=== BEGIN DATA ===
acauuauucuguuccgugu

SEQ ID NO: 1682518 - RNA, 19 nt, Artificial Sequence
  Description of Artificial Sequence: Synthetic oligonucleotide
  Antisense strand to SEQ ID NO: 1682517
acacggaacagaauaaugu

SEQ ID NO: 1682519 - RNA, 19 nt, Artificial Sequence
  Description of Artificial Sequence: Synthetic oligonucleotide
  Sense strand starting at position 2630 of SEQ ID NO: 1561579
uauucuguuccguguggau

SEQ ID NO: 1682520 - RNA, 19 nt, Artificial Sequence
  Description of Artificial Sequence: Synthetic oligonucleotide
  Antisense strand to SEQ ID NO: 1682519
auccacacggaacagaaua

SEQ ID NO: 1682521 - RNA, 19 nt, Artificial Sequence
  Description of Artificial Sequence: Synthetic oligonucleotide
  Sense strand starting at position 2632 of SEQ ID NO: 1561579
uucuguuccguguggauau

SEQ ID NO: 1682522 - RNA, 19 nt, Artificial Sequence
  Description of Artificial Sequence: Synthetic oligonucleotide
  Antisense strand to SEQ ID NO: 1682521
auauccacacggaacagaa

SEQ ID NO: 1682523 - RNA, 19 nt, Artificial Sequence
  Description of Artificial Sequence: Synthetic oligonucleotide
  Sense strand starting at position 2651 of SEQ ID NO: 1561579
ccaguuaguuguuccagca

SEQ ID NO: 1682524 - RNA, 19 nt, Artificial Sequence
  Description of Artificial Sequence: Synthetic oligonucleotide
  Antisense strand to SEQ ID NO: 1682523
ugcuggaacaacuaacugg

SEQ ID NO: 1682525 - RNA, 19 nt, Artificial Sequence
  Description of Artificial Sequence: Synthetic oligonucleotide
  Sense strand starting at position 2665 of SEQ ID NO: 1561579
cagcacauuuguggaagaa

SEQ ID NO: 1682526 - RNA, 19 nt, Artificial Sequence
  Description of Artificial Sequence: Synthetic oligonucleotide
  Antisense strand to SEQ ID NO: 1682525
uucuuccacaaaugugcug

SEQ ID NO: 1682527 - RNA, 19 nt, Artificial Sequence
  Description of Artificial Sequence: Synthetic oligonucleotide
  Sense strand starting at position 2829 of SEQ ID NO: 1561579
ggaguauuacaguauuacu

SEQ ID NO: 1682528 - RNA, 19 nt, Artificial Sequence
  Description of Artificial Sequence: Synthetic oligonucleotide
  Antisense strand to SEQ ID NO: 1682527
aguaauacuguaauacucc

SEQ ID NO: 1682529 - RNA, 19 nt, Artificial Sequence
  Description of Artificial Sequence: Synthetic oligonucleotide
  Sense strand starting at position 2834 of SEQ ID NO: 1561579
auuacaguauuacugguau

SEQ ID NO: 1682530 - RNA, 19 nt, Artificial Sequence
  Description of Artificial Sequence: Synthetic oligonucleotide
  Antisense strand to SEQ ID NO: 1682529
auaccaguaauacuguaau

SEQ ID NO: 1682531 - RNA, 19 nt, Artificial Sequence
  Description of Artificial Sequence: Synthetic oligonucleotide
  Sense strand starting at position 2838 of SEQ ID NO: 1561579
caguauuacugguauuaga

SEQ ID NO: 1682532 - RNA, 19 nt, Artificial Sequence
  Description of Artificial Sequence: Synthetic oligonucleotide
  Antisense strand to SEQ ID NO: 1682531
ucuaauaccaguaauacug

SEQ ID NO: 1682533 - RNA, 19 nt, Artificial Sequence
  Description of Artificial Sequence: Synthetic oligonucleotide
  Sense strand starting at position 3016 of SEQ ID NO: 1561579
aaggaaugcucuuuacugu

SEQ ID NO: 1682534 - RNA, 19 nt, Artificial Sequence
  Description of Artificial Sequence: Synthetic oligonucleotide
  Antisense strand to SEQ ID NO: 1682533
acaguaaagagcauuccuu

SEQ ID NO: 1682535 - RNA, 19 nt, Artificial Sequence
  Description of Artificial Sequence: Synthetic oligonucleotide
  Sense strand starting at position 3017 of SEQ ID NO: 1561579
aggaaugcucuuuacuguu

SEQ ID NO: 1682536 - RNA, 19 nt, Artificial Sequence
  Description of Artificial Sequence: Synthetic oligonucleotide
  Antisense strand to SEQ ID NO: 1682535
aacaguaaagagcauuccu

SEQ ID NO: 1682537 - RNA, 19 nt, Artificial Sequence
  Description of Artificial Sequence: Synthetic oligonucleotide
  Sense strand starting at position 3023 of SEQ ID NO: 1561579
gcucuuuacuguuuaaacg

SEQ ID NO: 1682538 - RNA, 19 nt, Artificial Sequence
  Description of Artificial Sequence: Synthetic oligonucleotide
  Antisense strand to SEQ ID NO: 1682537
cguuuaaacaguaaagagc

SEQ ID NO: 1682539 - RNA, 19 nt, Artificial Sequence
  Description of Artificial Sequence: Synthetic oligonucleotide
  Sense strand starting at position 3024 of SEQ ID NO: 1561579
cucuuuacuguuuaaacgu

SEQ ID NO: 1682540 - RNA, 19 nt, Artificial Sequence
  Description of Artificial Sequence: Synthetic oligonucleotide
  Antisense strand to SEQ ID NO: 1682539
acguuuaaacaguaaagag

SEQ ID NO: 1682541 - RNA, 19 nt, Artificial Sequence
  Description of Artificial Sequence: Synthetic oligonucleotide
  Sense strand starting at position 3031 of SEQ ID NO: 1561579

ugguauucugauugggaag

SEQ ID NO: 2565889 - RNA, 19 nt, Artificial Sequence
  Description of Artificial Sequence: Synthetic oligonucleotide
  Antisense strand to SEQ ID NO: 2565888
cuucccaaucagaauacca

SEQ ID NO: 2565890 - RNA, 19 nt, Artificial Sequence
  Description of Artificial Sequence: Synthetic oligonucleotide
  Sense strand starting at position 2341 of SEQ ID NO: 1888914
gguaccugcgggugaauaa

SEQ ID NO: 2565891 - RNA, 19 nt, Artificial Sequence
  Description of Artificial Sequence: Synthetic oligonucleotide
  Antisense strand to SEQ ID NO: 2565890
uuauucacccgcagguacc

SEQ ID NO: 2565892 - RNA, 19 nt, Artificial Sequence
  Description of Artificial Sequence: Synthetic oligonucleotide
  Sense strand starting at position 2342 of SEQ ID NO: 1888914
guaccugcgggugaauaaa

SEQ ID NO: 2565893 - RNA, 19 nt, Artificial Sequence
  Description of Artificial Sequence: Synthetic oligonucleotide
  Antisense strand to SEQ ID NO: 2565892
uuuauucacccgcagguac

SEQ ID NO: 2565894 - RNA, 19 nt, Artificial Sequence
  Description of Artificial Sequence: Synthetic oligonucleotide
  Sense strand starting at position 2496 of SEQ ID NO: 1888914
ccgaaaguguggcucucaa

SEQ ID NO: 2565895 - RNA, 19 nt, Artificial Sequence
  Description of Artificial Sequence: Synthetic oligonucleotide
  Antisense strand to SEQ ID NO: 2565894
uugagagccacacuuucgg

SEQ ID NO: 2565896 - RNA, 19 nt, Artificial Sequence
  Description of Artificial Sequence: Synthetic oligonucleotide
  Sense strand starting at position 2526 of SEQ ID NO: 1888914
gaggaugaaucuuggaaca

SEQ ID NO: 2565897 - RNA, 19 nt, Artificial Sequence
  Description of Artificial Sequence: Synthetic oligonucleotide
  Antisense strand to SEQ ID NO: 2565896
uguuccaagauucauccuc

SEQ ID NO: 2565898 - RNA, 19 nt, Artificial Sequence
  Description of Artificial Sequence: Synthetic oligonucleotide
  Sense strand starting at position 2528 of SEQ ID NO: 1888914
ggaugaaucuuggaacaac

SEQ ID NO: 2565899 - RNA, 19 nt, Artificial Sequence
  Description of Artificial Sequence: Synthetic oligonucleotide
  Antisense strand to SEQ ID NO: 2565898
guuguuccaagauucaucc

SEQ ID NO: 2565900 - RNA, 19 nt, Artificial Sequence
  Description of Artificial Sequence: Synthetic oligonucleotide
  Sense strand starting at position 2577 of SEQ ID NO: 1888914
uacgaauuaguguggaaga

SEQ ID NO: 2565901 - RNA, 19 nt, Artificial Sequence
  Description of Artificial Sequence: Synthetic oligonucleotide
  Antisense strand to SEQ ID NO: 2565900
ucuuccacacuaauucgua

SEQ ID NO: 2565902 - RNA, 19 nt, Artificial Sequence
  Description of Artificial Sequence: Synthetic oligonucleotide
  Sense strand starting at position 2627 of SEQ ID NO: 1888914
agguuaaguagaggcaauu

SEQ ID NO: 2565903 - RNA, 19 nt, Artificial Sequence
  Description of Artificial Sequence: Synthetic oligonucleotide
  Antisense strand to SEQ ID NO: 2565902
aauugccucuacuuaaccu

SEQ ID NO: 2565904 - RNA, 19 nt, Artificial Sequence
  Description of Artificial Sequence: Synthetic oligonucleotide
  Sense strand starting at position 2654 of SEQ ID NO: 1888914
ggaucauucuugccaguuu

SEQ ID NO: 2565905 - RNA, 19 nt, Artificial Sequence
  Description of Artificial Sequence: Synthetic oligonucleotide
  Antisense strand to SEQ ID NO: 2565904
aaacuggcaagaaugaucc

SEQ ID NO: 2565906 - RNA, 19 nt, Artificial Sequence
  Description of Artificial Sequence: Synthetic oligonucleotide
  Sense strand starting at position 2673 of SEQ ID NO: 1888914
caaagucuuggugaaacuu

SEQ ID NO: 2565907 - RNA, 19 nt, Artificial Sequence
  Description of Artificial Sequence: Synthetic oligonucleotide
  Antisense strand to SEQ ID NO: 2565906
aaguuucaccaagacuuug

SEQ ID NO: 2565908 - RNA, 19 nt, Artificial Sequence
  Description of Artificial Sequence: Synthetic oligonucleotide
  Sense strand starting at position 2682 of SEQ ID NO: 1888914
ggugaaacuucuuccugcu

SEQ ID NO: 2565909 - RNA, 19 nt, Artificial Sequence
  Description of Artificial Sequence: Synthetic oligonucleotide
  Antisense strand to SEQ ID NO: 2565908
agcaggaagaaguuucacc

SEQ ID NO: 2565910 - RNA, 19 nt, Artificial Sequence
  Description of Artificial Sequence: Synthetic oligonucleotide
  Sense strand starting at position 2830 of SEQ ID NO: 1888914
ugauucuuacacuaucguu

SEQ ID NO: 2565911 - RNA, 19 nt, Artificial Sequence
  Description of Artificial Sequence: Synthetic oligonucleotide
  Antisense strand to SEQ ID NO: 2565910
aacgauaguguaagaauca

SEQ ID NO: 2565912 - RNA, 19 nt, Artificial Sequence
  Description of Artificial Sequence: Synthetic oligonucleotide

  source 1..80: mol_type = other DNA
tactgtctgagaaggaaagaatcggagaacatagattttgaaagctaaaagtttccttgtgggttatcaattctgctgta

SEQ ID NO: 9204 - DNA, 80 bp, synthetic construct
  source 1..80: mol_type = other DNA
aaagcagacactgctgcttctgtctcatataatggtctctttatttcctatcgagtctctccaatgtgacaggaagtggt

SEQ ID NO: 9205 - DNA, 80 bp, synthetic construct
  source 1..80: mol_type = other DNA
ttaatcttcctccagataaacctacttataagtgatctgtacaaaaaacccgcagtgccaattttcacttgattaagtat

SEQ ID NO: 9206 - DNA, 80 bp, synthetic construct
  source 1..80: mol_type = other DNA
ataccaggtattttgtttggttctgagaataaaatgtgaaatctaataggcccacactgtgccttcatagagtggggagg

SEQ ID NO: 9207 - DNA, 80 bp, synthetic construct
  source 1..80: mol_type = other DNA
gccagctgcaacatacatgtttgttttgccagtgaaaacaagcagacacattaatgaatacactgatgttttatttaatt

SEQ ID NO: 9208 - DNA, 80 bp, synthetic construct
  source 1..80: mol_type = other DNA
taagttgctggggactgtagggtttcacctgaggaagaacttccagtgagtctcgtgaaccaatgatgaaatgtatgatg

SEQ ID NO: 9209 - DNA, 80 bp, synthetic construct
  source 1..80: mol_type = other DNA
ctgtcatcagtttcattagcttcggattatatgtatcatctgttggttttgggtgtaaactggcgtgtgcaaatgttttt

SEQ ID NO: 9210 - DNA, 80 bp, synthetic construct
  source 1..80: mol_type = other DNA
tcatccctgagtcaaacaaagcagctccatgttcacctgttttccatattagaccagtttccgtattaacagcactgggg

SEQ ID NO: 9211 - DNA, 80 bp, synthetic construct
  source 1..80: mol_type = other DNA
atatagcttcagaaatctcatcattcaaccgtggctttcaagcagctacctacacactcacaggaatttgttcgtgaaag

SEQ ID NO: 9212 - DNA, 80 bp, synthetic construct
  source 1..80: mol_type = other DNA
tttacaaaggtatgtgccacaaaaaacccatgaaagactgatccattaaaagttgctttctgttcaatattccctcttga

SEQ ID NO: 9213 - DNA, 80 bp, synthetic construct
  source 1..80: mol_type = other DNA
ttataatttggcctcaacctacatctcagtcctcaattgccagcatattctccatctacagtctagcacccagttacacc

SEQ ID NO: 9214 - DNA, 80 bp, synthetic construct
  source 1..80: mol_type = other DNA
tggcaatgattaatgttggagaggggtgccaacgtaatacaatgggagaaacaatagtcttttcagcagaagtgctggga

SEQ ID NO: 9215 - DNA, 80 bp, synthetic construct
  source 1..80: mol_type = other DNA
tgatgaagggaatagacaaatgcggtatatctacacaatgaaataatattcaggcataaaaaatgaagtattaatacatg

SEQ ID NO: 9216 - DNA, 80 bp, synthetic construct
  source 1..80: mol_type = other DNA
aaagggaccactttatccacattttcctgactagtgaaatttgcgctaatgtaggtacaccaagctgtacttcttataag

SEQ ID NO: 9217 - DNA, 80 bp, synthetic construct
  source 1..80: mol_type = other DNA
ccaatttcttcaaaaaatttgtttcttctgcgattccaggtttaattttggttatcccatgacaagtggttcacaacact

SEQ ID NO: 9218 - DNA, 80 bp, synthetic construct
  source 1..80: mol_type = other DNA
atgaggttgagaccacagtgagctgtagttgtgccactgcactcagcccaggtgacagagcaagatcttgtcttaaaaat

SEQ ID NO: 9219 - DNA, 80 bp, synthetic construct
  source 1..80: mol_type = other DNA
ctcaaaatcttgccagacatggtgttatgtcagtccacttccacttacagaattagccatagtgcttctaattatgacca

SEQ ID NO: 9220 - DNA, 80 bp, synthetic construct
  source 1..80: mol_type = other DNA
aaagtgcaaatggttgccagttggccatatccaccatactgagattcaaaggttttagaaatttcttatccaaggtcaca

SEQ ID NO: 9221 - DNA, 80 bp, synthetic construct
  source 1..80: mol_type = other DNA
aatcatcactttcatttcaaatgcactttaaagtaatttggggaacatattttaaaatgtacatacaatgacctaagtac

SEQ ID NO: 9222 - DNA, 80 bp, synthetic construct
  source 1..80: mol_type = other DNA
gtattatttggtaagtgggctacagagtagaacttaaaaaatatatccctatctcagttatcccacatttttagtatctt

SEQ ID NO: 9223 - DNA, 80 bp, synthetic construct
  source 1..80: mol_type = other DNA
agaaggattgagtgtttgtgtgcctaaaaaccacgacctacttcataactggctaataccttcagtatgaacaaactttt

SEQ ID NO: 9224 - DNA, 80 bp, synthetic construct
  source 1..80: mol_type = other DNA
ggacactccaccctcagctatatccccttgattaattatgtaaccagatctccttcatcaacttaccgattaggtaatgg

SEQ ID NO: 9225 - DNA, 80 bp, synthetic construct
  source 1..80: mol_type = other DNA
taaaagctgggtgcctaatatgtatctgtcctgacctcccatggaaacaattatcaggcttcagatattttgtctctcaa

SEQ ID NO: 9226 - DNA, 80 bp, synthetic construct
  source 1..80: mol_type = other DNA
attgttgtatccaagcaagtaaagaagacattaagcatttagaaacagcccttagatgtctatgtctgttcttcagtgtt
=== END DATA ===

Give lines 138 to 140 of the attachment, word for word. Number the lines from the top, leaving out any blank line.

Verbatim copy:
SEQ ID NO: 2565899 - RNA, 19 nt, Artificial Sequence
  Description of Artificial Sequence: Synthetic oligonucleotide
  Antisense strand to SEQ ID NO: 2565898